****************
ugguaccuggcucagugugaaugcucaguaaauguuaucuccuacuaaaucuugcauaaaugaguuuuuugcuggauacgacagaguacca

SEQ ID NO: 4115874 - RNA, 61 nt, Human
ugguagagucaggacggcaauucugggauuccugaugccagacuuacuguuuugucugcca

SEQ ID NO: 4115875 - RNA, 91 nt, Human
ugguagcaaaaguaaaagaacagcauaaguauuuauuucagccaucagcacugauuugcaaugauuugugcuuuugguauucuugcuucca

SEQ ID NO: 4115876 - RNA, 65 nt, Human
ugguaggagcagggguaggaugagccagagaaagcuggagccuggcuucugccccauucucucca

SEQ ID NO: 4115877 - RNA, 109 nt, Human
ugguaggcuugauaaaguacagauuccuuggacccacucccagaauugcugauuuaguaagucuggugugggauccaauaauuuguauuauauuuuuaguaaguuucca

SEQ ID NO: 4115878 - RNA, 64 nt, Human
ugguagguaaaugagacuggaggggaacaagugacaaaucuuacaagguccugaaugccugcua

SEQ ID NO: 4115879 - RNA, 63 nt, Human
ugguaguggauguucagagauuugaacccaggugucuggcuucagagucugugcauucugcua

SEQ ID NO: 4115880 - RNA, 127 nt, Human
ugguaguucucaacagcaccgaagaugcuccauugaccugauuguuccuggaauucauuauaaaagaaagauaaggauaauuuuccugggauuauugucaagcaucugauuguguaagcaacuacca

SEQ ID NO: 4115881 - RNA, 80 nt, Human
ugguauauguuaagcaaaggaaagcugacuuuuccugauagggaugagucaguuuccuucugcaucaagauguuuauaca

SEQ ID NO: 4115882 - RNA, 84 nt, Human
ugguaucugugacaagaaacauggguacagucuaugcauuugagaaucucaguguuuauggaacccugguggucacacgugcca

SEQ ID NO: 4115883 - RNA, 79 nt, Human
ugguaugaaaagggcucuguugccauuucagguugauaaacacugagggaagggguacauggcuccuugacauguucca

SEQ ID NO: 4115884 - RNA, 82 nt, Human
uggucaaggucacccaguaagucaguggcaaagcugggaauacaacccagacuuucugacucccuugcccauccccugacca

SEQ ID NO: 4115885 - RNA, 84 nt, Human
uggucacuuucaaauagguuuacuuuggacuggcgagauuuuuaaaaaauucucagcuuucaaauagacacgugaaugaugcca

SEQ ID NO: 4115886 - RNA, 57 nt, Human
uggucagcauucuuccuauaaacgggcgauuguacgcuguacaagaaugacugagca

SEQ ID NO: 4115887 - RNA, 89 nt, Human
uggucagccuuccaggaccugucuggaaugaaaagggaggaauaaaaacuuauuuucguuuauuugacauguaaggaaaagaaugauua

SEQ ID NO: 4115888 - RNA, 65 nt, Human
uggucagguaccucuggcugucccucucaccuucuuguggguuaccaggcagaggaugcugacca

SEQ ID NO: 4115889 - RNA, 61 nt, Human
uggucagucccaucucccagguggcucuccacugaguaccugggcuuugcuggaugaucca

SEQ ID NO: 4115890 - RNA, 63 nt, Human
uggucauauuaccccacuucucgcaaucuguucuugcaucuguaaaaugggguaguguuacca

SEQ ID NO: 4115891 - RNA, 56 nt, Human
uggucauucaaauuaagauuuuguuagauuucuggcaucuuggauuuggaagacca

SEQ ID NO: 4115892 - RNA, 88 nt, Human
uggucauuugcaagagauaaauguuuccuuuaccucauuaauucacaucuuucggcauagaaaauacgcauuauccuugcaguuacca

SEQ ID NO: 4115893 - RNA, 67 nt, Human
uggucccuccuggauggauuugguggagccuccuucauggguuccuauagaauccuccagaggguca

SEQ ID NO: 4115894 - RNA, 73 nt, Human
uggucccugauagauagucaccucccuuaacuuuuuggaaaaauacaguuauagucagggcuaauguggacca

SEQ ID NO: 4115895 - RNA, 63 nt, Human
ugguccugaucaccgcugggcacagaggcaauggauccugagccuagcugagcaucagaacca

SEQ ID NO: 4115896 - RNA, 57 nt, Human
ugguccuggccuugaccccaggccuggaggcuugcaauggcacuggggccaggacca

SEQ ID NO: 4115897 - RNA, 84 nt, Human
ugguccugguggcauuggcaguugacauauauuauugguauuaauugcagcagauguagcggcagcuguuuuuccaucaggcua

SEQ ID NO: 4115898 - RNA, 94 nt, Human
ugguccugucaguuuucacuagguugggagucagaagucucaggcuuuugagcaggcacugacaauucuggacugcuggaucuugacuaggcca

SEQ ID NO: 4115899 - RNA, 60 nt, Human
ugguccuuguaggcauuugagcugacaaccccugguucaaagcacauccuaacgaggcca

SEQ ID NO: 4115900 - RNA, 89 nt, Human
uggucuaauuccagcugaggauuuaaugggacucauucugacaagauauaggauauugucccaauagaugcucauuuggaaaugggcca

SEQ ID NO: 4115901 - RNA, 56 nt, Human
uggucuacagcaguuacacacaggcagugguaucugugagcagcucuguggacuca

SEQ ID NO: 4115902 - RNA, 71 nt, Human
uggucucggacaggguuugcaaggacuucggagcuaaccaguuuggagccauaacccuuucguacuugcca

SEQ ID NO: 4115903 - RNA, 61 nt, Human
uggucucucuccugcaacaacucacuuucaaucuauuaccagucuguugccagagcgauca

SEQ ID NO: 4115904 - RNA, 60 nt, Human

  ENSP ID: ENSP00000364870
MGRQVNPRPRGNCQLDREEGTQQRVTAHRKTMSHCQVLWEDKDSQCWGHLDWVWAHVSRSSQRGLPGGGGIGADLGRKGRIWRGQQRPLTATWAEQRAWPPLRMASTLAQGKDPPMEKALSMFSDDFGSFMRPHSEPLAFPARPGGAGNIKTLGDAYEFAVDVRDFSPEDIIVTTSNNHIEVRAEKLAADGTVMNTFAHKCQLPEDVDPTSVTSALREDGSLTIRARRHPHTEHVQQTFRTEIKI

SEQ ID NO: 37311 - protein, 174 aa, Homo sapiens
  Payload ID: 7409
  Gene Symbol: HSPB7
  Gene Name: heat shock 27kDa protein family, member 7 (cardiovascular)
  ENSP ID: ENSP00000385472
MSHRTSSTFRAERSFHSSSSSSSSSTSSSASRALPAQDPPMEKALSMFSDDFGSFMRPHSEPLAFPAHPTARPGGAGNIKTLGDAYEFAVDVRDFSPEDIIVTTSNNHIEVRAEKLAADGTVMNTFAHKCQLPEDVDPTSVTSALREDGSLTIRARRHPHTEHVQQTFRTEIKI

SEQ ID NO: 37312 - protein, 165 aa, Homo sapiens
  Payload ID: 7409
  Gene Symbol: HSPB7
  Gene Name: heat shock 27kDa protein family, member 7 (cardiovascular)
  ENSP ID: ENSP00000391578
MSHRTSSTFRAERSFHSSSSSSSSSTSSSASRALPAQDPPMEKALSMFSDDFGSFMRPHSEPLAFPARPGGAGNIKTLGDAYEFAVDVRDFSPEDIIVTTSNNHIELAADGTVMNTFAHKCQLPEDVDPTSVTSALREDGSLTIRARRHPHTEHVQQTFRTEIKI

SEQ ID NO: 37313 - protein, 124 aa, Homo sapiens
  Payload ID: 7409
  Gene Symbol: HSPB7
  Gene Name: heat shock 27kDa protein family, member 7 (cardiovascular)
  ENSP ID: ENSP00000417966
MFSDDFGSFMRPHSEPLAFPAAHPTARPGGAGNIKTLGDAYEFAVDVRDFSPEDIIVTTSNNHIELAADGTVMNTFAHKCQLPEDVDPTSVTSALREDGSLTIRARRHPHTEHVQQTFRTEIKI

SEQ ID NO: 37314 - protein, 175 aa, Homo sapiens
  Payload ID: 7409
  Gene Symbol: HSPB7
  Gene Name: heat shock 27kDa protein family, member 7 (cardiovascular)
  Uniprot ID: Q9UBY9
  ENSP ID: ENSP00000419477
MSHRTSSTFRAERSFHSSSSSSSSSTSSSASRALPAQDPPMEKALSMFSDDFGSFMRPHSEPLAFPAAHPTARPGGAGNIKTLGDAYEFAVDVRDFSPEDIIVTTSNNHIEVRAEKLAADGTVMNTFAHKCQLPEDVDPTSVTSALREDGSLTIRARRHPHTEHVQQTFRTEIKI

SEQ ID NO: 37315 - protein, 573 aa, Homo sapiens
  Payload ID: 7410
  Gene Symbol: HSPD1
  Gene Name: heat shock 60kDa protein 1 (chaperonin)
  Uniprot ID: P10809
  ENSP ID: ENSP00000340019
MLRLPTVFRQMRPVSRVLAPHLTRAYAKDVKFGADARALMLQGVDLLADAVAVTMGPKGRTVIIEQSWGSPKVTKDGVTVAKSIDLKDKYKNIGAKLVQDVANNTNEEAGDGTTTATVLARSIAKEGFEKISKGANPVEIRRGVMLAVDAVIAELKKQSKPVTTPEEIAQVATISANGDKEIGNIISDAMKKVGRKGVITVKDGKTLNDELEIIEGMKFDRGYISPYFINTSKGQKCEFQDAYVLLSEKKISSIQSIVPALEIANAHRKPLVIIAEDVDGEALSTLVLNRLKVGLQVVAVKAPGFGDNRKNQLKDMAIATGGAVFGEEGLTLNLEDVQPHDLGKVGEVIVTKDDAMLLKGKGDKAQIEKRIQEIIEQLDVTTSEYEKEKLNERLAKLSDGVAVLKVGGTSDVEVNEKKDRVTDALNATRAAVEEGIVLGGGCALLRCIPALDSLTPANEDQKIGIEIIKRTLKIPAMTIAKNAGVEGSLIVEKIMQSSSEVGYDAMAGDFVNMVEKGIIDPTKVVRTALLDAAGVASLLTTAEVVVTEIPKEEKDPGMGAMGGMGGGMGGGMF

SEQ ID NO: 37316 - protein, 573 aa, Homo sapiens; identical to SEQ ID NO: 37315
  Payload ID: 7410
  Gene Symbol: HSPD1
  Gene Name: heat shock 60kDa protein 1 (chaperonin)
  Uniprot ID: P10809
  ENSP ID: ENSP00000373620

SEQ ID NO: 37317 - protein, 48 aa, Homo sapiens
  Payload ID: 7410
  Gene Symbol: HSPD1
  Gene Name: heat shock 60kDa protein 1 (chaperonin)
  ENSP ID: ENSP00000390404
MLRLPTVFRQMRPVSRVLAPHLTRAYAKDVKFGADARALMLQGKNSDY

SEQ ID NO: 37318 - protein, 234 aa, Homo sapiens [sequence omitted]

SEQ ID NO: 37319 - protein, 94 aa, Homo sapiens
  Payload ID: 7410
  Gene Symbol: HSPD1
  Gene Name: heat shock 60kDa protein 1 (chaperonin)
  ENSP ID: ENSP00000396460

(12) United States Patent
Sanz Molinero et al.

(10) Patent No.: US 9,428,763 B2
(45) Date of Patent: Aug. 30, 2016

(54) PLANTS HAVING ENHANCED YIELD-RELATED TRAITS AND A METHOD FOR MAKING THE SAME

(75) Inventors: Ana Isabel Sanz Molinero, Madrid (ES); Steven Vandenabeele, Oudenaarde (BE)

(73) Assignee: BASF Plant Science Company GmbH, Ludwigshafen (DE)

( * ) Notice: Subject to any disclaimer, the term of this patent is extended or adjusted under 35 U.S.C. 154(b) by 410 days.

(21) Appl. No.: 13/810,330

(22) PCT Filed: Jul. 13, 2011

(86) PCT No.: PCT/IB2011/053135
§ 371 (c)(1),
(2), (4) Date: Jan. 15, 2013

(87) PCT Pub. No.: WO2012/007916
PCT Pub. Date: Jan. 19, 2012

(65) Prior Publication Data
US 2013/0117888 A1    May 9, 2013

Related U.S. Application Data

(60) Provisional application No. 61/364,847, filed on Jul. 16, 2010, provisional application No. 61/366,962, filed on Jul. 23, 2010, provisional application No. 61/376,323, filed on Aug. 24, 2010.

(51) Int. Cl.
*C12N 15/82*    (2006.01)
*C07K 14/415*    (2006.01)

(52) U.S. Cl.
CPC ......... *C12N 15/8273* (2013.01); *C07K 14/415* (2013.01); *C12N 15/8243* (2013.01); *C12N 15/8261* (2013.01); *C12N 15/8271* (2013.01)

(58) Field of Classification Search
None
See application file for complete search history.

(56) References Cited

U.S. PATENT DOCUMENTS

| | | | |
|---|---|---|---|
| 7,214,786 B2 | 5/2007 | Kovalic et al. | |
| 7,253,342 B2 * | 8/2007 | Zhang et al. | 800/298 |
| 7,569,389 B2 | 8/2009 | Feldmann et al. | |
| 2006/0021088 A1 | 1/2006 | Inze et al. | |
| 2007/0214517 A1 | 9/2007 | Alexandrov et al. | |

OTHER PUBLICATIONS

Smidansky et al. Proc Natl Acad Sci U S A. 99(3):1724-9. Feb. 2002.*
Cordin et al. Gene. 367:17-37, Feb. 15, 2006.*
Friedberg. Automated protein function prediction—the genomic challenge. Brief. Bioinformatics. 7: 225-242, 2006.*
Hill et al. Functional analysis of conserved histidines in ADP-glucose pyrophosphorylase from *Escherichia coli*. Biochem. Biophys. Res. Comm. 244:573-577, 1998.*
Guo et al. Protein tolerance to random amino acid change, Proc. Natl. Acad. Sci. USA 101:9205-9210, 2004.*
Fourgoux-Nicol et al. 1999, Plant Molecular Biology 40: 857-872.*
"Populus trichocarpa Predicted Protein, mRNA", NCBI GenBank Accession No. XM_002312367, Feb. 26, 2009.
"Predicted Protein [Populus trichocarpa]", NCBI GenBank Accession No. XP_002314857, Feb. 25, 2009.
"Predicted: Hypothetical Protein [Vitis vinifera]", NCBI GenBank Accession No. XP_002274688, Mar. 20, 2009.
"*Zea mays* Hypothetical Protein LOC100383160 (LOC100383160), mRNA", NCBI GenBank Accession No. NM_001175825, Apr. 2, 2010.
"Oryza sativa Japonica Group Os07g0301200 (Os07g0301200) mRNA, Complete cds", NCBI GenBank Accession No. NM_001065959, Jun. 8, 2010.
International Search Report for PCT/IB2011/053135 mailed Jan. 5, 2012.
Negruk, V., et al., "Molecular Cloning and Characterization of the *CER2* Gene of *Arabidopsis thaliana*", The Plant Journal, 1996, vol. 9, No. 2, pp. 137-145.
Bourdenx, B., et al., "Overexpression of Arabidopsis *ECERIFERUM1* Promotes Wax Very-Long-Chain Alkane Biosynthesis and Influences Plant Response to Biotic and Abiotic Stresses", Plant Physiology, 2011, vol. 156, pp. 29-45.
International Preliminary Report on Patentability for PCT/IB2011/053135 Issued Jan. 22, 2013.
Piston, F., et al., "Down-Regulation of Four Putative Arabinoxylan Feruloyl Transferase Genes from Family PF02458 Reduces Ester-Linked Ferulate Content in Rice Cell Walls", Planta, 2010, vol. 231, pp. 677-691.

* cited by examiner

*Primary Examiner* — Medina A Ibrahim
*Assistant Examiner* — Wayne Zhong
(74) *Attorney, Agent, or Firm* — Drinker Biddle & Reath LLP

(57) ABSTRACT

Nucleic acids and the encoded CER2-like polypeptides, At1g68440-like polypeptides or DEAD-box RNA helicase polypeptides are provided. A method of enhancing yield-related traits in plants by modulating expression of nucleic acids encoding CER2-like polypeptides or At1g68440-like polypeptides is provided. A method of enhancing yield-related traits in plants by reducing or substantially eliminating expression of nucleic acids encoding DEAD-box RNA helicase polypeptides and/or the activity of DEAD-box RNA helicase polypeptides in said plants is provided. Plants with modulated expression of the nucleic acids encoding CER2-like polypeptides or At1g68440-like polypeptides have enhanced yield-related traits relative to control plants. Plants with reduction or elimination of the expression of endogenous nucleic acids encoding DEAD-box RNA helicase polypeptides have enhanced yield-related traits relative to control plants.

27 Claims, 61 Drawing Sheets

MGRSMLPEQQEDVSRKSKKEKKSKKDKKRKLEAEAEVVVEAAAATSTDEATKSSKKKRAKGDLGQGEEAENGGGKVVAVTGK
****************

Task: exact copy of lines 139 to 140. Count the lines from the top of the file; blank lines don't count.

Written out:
(58) Field of Classification Search
None